The costs to hedge insurance company debt against losses with credit-default swaps slowed their rise as investors view damages from Hurricane Sandy, the biggest Atlantic storm in history, as manageable.
Reinsurers and insurers including American International Group Inc. may face insured losses, what insurers are contractually bound to pay, of $7 billion to $15 billion from U.S. onshore properties, AIR Worldwide, a Boston-based risk-modeler, said yesterday. That compares with $45 billion for Hurricane Katrina in 2005 and $85 billion for all of 2008, according to Thomas Walsh, head of fundamental credit research at Barclays Plc.
The New York region is recovering from Sandy, the Atlantic superstorm that killed at least 50 people, sparked a fire that destroyed 111 homes, flooded tunnels of the biggest U.S. transit system and left millions of customers in the Northeast without power. Because private homeowner policies don’t tend to cover flood damage, the estimate depends on what counts as wind damage, and so far aerial footage doesn’t show many missing rooftops, Walsh said.
“A lot of this is flood versus wind and that’s why the damage estimates will stay manageable,” he said in a telephone interview. “If it was the opposite, more wind than flood, we’d be having a different conversation.”
The storm forced the New York Stock Exchange to close for two days, with NYSE Euronext shutting markets across every asset class for the first consecutive closings because of weather since 1888.
The highest estimate of insured losses won’t wipe out the year’s earnings for the companies with between five and 10 percent market share for homeowner and commercial packages in the impacted areas, Walsh said.
JPMorgan Chase & Co. analysts Arun Kumar and Brett Gibson agreed, writing that while the insured losses may top out at a worst-case $20 billion, making Sandy the fourth-most destructive hurricane catastrophe for insurers, the companies are able to absorb it as they may raise capital where needed and statutory capital is at an historic high of $568 billion, according to a note dated today.
Among the companies that wrote the most homeowner’s insurance in the affected areas are State Farm Group, Allstate Corp., Travelers Cos., Liberty Mutual Group Inc., Chubb Corp. and Erie Insurance Group, according to a report by A.M. Best.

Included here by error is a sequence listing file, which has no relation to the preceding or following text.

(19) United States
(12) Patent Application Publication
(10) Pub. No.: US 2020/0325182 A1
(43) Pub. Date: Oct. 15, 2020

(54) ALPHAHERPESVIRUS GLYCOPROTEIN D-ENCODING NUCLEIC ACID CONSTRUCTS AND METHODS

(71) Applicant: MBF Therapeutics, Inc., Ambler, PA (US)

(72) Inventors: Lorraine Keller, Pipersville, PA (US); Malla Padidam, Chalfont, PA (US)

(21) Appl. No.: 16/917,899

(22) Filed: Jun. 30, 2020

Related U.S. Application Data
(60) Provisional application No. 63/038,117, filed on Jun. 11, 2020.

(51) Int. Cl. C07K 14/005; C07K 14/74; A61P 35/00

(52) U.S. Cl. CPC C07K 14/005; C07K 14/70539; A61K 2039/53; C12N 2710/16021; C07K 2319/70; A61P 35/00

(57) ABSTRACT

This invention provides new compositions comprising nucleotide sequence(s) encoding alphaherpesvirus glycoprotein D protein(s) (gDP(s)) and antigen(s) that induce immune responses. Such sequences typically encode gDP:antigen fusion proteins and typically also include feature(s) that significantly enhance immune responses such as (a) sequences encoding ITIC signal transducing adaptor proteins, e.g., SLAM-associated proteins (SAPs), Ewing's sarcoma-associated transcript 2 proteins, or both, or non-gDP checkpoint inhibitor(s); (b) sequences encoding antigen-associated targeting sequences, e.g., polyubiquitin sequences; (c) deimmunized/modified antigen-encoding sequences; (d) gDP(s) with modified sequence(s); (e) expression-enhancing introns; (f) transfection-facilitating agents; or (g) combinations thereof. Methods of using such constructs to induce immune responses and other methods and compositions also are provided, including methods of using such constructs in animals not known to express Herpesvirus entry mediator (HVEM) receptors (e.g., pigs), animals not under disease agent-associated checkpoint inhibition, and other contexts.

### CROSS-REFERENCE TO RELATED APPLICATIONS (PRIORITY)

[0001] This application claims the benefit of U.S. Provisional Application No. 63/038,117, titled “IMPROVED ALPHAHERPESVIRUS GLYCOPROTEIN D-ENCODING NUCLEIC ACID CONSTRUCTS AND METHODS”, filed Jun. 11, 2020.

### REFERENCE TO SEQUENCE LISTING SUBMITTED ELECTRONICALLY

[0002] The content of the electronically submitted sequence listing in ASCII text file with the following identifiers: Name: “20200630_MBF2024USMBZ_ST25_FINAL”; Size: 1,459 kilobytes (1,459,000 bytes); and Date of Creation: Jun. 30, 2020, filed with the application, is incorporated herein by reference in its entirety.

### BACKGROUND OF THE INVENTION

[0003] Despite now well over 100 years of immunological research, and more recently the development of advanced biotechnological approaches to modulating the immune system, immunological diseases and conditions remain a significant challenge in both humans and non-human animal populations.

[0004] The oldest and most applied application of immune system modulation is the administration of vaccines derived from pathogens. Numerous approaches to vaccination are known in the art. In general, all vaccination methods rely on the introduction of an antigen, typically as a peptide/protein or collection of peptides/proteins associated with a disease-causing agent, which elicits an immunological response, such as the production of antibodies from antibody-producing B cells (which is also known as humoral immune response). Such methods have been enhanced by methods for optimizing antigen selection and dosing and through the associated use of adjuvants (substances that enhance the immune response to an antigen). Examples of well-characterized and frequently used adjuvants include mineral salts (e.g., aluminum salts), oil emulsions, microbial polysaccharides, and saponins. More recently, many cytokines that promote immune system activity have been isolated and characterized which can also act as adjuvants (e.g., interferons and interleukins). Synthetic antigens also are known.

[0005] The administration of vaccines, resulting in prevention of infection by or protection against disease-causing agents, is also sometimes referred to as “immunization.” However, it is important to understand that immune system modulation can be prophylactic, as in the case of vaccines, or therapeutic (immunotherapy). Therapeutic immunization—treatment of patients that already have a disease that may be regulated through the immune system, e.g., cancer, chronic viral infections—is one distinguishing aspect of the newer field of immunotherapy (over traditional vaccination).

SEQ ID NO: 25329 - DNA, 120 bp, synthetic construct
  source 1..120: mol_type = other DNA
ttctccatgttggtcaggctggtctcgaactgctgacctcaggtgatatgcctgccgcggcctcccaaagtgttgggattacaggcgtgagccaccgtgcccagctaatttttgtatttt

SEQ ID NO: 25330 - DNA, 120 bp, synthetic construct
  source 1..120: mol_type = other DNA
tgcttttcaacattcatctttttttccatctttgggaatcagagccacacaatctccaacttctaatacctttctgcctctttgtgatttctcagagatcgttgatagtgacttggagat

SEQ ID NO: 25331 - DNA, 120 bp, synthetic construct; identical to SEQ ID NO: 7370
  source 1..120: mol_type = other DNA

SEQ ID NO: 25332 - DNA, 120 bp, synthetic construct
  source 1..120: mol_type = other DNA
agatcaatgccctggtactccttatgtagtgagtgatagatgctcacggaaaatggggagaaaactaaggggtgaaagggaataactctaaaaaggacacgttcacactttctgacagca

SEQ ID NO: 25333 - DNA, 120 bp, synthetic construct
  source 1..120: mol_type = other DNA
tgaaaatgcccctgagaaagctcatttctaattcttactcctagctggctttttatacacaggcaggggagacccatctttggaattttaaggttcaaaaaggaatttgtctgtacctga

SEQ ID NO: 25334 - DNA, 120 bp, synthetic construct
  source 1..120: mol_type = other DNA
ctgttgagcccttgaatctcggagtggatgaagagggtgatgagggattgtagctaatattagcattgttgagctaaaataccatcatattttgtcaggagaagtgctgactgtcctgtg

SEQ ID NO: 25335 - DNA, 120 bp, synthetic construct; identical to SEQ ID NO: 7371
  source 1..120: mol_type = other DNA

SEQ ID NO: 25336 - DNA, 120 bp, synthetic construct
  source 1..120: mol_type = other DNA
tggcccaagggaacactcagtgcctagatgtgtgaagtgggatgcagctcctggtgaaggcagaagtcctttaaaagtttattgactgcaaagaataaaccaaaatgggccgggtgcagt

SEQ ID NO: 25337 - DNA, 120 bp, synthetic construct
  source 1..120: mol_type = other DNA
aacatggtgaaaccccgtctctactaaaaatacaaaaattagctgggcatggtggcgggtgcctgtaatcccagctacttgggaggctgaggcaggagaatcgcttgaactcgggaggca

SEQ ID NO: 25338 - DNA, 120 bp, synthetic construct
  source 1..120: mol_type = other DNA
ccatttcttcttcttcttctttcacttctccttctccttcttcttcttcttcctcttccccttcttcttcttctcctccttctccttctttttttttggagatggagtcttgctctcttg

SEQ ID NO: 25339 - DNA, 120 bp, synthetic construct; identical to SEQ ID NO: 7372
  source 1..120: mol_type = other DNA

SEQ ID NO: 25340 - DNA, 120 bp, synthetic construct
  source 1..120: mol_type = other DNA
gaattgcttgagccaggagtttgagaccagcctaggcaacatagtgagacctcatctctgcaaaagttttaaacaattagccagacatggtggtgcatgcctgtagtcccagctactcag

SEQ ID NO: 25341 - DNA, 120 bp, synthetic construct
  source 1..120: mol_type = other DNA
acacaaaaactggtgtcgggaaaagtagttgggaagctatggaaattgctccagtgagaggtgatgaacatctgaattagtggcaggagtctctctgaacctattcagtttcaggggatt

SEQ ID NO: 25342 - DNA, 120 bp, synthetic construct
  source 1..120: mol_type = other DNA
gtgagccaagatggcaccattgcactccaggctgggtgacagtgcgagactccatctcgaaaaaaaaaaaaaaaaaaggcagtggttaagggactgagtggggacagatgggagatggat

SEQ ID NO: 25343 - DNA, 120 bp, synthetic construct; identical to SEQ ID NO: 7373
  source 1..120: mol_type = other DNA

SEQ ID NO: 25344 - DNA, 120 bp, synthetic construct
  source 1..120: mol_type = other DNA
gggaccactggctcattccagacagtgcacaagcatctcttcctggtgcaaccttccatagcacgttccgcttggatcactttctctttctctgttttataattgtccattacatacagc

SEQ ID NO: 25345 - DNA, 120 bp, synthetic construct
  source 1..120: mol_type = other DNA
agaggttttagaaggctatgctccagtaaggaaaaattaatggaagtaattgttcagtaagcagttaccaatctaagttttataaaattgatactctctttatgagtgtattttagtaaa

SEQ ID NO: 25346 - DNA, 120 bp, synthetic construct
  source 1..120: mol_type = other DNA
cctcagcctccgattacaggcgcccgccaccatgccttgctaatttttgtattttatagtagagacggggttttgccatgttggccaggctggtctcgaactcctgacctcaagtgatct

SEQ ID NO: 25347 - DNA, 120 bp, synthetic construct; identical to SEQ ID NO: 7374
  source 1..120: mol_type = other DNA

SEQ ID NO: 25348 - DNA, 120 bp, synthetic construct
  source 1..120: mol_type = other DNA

Credit-default swaps tied to Chubb fell 4 basis points to a mid-price of 54.5 basis points, from 58.5 basis points Oct. 29, as of 3:09 p.m. in New York, according to prices provided by a dealer. Those linked to Travelers’s debt climbed 10 to 77.5 basis points and those on XL Group Plc increased 8 to 108, the data show. Contracts on ACE added 5 basis points to 57.5 basis points. Contracts on Hartford and AIG added 10 basis points each, to 160 and 145 respectively, the data show.
“Sandy was an unprecedented storm in the historical record, and catastrophe models may have a tough time taking its full scope and ferocity into account,” according to David Havens, a credit-desk strategist at RBS Securities Inc.
The $15 billion is “easily manageable by the private insurance industry” especially with about $200 billion of “additional reinsurance capital in Bermuda, Switzerland, London, and Germany available to shoulder some of the loss,” he said.
Whether the damages will result in corporate downgrades is “hard to say at this point,” according to Christopher Grimes, property casualty insurance and reinsurance analyst at Fitch Ratings.
“Most of the losses will be concentrated at the primary insurance company level and have not been passed on to the reinsurance companies, which would be kind of a higher level of loss,” Grimes said in a telephone interview. Only if claims were to reach about $25 billion would losses taken on by insurers be passed along to reinsurers, he said.
“The losses aren’t incredibly high,” he said. “We don’t think there are going to be losses that will get to the point where there’s going to be any material defaults or losses on insurance company bonds at this point.”